What is self-image?
A girls’ self-image is her mental image of herself in terms of both her physicality and personality. It encompasses her thoughts about what she thinks she looks like, how she sees her personality, her beliefs about how others perceive her and how much she likes herself. How a girl sees herself will affect her behaviour and how she relates to others. Self-image is closely related to the concept of self-esteem. The latter reflects a girl’s overall emotional evaluation of her own worth, which is informed by the girl’s mental image of herself.
What is body image?
Body image is one component of self-image. It is an internalized response to what a girl sees in the mirror, which may have nothing to do with her actual physical appearance. Body image is about how she perceives, thinks and feels about her physical self — including whether she feels she is attractive and whether others appreciate her looks. Body image is not always tied to reality as a girl may be very slim and have an appearance that conforms to society’s beauty ideals, yet still think of her body as fat.
Healthy vs. unhealthy body image
A girl with unhealthy body image is consumed by thoughts that her body is unsightly, unappealing or hateful. She may spend a lot of time comparing herself to others, weighing herself multiple times a day, obsessively exercising or counting calories. She may also believe that how she looks like determines her entire value as a person.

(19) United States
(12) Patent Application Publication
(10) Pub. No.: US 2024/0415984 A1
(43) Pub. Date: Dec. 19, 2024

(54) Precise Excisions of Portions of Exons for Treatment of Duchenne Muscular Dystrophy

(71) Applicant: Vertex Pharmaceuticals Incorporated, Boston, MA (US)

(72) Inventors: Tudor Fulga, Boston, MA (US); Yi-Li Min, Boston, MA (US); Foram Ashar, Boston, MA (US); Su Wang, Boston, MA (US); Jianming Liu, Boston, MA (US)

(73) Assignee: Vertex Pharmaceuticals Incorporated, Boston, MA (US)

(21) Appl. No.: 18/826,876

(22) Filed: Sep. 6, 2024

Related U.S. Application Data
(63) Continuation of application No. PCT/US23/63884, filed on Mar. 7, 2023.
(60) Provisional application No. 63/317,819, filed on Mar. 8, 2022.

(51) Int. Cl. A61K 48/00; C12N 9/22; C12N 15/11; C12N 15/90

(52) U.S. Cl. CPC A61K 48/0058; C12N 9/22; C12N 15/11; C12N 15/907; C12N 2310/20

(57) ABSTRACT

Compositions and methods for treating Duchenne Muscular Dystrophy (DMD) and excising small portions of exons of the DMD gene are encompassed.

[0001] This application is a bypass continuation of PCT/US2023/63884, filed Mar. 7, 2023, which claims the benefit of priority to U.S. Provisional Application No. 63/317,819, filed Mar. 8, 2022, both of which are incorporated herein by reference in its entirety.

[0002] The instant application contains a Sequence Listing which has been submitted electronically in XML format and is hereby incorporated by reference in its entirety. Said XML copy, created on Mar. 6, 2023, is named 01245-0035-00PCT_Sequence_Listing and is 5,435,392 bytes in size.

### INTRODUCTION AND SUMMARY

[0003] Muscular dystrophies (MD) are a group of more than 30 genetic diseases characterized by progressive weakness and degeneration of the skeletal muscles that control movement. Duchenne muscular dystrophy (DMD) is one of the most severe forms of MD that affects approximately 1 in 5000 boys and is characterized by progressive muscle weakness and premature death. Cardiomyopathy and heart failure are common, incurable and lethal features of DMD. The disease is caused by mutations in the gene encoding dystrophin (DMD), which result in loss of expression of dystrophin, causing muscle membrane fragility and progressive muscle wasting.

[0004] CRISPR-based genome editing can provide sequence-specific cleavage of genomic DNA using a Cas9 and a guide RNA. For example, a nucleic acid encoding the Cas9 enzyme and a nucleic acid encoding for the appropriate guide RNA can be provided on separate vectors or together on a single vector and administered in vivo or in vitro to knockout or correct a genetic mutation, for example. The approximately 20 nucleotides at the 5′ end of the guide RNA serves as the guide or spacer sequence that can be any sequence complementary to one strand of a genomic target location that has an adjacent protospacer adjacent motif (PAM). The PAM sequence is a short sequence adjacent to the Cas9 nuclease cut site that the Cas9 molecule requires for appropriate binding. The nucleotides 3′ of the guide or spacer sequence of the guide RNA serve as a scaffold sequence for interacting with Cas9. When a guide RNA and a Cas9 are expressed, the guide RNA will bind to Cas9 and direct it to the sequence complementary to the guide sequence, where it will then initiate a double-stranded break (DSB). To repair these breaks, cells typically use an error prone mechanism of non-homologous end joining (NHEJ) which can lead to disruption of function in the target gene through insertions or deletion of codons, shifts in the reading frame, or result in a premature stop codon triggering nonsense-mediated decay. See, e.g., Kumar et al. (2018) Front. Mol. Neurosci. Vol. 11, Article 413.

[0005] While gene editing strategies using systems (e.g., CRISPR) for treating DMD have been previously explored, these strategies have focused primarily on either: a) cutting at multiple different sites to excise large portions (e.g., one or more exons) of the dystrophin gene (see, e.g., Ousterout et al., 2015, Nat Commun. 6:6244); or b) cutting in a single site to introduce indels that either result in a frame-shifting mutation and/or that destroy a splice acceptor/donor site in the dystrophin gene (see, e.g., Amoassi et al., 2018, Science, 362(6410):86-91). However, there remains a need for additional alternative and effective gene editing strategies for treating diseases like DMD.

Conversely, a girl who has a healthy body image is more likely to see the way she looks as just one part of who she is and be less likely to beat herself up for her physical shortcomings. She is also able to see her body as a whole, and does not fixate excessively on specific body parts.
A girl with healthy body image appreciates her body, is grateful for its qualities and capabilities, and for the most part feels comfortable and secure in her own skin, even if there are aspects of herself that she would like to improve on. It is important to note that having healthy body image does not mean that a girl thinks she is absolutely perfect and will never have to change one bit; it simply means that a girl is able to love herself even while she has yet to complete making all those desired changes.
Why it is important to start cultivating healthy body image in girls early
Girls often face significant pressure to be physically attractive. Girls’ bodies are unfortunately considered fair game for ‘constructive criticism’ from strangers and loved ones alike. However, the relentless quest for a perfect body can take a toll on a girl’s mental and physical health.
Once a girl’s body image has developed, it can become quite firmly entrenched and difficult to change. If a girl forms a negative image of her physical self, then her self-esteem will be low. Psychological studies have linked low self-esteem and poor self image with anxiety, eating disorders, depression and addictive behaviours, as well as domestic violence and sexual issues in adolescence all the way to adulthood (Silverstone, 1992; Steinhausen and Voltrath, 1993).
A healthy body image is essential for a girl’s overall health, happiness and well-being. Possessing a positive attitude towards one’s body in turn enhances self-esteem, allowing girls to explore other aspects of growing up, such as developing good friendships, becoming more independent from parents, and challenging themselves physically and mentally.